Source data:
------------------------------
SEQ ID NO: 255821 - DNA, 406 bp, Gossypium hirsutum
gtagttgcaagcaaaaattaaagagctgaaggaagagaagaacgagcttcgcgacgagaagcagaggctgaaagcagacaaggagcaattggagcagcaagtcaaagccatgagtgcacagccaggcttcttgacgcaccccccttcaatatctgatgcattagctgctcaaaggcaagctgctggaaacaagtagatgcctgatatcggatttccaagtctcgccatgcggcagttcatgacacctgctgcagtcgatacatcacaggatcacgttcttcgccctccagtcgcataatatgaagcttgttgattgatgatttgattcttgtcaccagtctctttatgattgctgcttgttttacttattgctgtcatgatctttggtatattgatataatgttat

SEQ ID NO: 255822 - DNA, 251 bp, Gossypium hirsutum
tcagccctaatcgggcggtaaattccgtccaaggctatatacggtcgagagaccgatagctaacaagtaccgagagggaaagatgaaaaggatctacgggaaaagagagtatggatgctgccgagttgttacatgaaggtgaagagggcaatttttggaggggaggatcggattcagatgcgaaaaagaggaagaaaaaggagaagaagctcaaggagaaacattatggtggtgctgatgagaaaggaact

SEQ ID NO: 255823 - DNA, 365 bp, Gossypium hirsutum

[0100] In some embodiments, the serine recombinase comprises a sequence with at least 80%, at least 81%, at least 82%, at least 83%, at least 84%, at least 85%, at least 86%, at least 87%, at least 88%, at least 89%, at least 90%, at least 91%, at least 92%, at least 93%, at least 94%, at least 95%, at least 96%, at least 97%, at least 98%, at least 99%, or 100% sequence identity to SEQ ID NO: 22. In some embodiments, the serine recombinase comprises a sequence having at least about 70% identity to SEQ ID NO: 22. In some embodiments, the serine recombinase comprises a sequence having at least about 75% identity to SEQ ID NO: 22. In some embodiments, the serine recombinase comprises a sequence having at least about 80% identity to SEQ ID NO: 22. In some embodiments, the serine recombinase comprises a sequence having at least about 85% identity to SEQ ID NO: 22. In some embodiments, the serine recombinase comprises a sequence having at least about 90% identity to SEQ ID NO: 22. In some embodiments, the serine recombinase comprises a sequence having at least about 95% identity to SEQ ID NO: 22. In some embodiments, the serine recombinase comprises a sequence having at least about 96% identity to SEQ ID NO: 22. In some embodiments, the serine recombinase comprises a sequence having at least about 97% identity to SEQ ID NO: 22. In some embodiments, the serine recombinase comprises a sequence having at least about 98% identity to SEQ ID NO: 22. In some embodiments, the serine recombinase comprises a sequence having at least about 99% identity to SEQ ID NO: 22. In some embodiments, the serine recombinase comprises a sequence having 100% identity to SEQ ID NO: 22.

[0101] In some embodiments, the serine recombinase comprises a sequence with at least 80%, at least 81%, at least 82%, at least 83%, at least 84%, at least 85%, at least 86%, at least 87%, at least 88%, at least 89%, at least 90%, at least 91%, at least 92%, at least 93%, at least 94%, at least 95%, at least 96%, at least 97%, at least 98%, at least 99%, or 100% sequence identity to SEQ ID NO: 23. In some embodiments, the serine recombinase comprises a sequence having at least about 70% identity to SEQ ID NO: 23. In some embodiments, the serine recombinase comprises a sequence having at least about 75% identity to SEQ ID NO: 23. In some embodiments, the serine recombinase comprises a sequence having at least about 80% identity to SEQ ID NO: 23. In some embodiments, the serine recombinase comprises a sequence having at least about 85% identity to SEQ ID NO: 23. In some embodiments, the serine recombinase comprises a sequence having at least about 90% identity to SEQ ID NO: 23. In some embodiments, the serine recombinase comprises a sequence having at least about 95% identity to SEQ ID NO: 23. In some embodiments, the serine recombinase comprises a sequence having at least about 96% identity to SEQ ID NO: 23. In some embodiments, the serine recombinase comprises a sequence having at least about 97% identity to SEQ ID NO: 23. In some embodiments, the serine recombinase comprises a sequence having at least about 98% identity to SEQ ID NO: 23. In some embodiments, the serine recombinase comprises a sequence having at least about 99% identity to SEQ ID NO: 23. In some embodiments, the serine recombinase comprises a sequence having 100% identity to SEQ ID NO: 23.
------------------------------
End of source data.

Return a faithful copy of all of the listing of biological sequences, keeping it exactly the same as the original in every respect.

SEQ ID NO: 255821 - DNA, 406 bp, Gossypium hirsutum
gtagttgcaagcaaaaattaaagagctgaaggaagagaagaacgagcttcgcgacgagaagcagaggctgaaagcagacaaggagcaattggagcagcaagtcaaagccatgagtgcacagccaggcttcttgacgcaccccccttcaatatctgatgcattagctgctcaaaggcaagctgctggaaacaagtagatgcctgatatcggatttccaagtctcgccatgcggcagttcatgacacctgctgcagtcgatacatcacaggatcacgttcttcgccctccagtcgcataatatgaagcttgttgattgatgatttgattcttgtcaccagtctctttatgattgctgcttgttttacttattgctgtcatgatctttggtatattgatataatgttat

SEQ ID NO: 255822 - DNA, 251 bp, Gossypium hirsutum
tcagccctaatcgggcggtaaattccgtccaaggctatatacggtcgagagaccgatagctaacaagtaccgagagggaaagatgaaaaggatctacgggaaaagagagtatggatgctgccgagttgttacatgaaggtgaagagggcaatttttggaggggaggatcggattcagatgcgaaaaagaggaagaaaaaggagaagaagctcaaggagaaacattatggtggtgctgatgagaaaggaact

SEQ ID NO: 255823 - DNA, 365 bp, Gossypium hirsutum

[0100] In some embodiments, the serine recombinase comprises a sequence with at least 80%, at least 81%, at least 82%, at least 83%, at least 84%, at least 85%, at least 86%, at least 87%, at least 88%, at least 89%, at least 90%, at least 91%, at least 92%, at least 93%, at least 94%, at least 95%, at least 96%, at least 97%, at least 98%, at least 99%, or 100% sequence identity to SEQ ID NO: 22. In some embodiments, the serine recombinase comprises a sequence having at least about 70% identity to SEQ ID NO: 22. In some embodiments, the serine recombinase comprises a sequence having at least about 75% identity to SEQ ID NO: 22. In some embodiments, the serine recombinase comprises a sequence having at least about 80% identity to SEQ ID NO: 22. In some embodiments, the serine recombinase comprises a sequence having at least about 85% identity to SEQ ID NO: 22. In some embodiments, the serine recombinase comprises a sequence having at least about 90% identity to SEQ ID NO: 22. In some embodiments, the serine recombinase comprises a sequence having at least about 95% identity to SEQ ID NO: 22. In some embodiments, the serine recombinase comprises a sequence having at least about 96% identity to SEQ ID NO: 22. In some embodiments, the serine recombinase comprises a sequence having at least about 97% identity to SEQ ID NO: 22. In some embodiments, the serine recombinase comprises a sequence having at least about 98% identity to SEQ ID NO: 22. In some embodiments, the serine recombinase comprises a sequence having at least about 99% identity to SEQ ID NO: 22. In some embodiments, the serine recombinase comprises a sequence having 100% identity to SEQ ID NO: 22.

[0101] In some embodiments, the serine recombinase comprises a sequence with at least 80%, at least 81%, at least 82%, at least 83%, at least 84%, at least 85%, at least 86%, at least 87%, at least 88%, at least 89%, at least 90%, at least 91%, at least 92%, at least 93%, at least 94%, at least 95%, at least 96%, at least 97%, at least 98%, at least 99%, or 100% sequence identity to SEQ ID NO: 23. In some embodiments, the serine recombinase comprises a sequence having at least about 70% identity to SEQ ID NO: 23. In some embodiments, the serine recombinase comprises a sequence having at least about 75% identity to SEQ ID NO: 23. In some embodiments, the serine recombinase comprises a sequence having at least about 80% identity to SEQ ID NO: 23. In some embodiments, the serine recombinase comprises a sequence having at least about 85% identity to SEQ ID NO: 23. In some embodiments, the serine recombinase comprises a sequence having at least about 90% identity to SEQ ID NO: 23. In some embodiments, the serine recombinase comprises a sequence having at least about 95% identity to SEQ ID NO: 23. In some embodiments, the serine recombinase comprises a sequence having at least about 96% identity to SEQ ID NO: 23. In some embodiments, the serine recombinase comprises a sequence having at least about 97% identity to SEQ ID NO: 23. In some embodiments, the serine recombinase comprises a sequence having at least about 98% identity to SEQ ID NO: 23. In some embodiments, the serine recombinase comprises a sequence having at least about 99% identity to SEQ ID NO: 23. In some embodiments, the serine recombinase comprises a sequence having 100% identity to SEQ ID NO: 23.